- unsupervised learning (generative / discriminative modeling) of multiple related data sources
- canonical correlation analysis-type methods
- data fusion for real world applications, such as bioinformatics, sensor networks, multimodal signal processing, information retrieval
- multitask /transfer learning
- multiview learning


Prof. Michael Jordan
University of California, Berkeley

Dr. Francis Bach
École normale supérieure

Dr. Tobias Scheffer
Max-Planck-Institut fur Informatik


David R. Hardoon                (University College London)
Gayle Leen                              (Helsinki University of Technology)
Samuel Kaski                    (Helsinki University of Technology)
John Shawe-Taylor               (University College London)


Andreas Argyriou                (University College London)
Tom Dieithe                     (University College London)
Colin Fyfe                      (University of the West of Scotland)
Jaakko Peltonen         (Helsinki University of Technology)


We invite the submission of high quality extended abstracts (2 to 4 pages) in the NIPS style http://nips.cc/PaperInformation/StyleFiles. Abstracts should be sent (in .pdf/.ps) to [EMAIL PROTECTED], [EMAIL PROTECTED] .

A selection of the submitted abstracts will be accepted as either an oral presentation or poster presentation. The best abstracts will be considered for extended versions in the workshop proceedings, and possibly as a special issue of a journal.


24 Oct 08 Submission deadline for extended abstracts
28 Oct 08 Notification of acceptance
13 Dec 08 Workshop at NIPS 08, Whistler, Canada


BACH, F.R., & JORDAN, M.I. 2002. Kernel Independent Component Analysis. Journal of Machine Learning, 3, 1-48. BACH, F.R., & JORDAN, M.I. 2005. A Probabilistic Interpretation of Canonical Correlation Analysis. Tech. rept. 688. Dept of Statistics, University of California. BECKER, S. 1996. Mutual Information Maximization: models of cortical selforganisation. Network: Computation in Neural Systems, 7, 7-31. BICKEL, S., BOGOJESKA, J., LENGAUER, T., & SCHEFFER, T. Multi-task learning for HIV therapy screening. ICML 2008 CHECHIK, G., GLOBERSON, A., TISHBY, N., & WEISS, Y. 2003. Information Bottleneck for Gaussian variables. Pages 1213-1220 of: THRUN, S., SAUL, L.K., & SCH¨OLKOPF, B. (eds), Advances in Neural Information Processing Systems, vol. 16. HARDOON, D. R., SZEDMAK, S. & SHAWE-TAYLOR, J. 2004 Canonical Correlation Analysis: An Overview with Application to Learning Methods. Neural Computation, 16(12), 2639-2664 HOTELLING, H. 1936. Relations between two sets of variates. Biometrika, 28, 312-377. KETTENRING, J. R. 1971. Canonical analysis of several sets of variables. Biometrika, 58(3), 433-451. KLAMI, A., & KASKI, S. 2006. Generative models that discover dependencies between two data sets. Pages 123-128 of: MCLOONE, S., ADALI, T., LARSEN, J., HULLE, M. VAN, ROGERS, A., & DOUGLAS, S.C. (eds), Machine Learning for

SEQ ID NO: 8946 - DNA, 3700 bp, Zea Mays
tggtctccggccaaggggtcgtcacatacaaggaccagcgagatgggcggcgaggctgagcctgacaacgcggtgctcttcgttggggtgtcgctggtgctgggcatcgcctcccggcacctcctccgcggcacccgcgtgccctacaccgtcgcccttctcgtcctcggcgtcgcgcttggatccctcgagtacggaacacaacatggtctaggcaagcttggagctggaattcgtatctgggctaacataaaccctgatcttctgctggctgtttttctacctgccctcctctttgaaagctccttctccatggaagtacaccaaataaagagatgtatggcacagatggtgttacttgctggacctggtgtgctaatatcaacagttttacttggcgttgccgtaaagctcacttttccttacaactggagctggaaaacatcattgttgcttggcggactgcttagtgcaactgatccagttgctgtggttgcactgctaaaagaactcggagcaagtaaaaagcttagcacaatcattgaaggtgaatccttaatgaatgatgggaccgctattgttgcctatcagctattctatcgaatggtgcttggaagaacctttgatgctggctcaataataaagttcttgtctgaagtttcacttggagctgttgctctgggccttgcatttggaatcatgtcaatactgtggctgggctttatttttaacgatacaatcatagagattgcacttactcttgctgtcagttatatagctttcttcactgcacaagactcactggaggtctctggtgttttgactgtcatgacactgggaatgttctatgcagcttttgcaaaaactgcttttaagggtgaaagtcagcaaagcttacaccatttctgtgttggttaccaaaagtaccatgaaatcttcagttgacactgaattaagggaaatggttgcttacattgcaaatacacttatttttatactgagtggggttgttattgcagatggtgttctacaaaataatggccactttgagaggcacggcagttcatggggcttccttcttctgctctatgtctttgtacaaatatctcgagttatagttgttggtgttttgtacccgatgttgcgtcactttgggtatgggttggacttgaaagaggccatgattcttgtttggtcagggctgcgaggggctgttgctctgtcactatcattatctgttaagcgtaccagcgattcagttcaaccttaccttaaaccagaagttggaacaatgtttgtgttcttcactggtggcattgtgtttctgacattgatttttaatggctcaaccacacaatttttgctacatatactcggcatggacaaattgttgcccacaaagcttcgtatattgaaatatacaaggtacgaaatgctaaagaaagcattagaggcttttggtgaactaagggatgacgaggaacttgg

Signal Processing XVI. IEEE.
LAI, P. L., & FYFE, C. 2000. Kernel and Nonlinear Canonical Correlation Analysis. International Journal of Neural Systems, 10(5), 365-377. LEEN, G., & FYFE, C. 2006. A Gaussian Process Latent Variable Model Formulation of Canonical Correlation Analysis. Pages 413-418 of: Proceedings of the 14th European Symposium of Artificial Neural Networks (ESANN).

uai mailing list

Reply via email to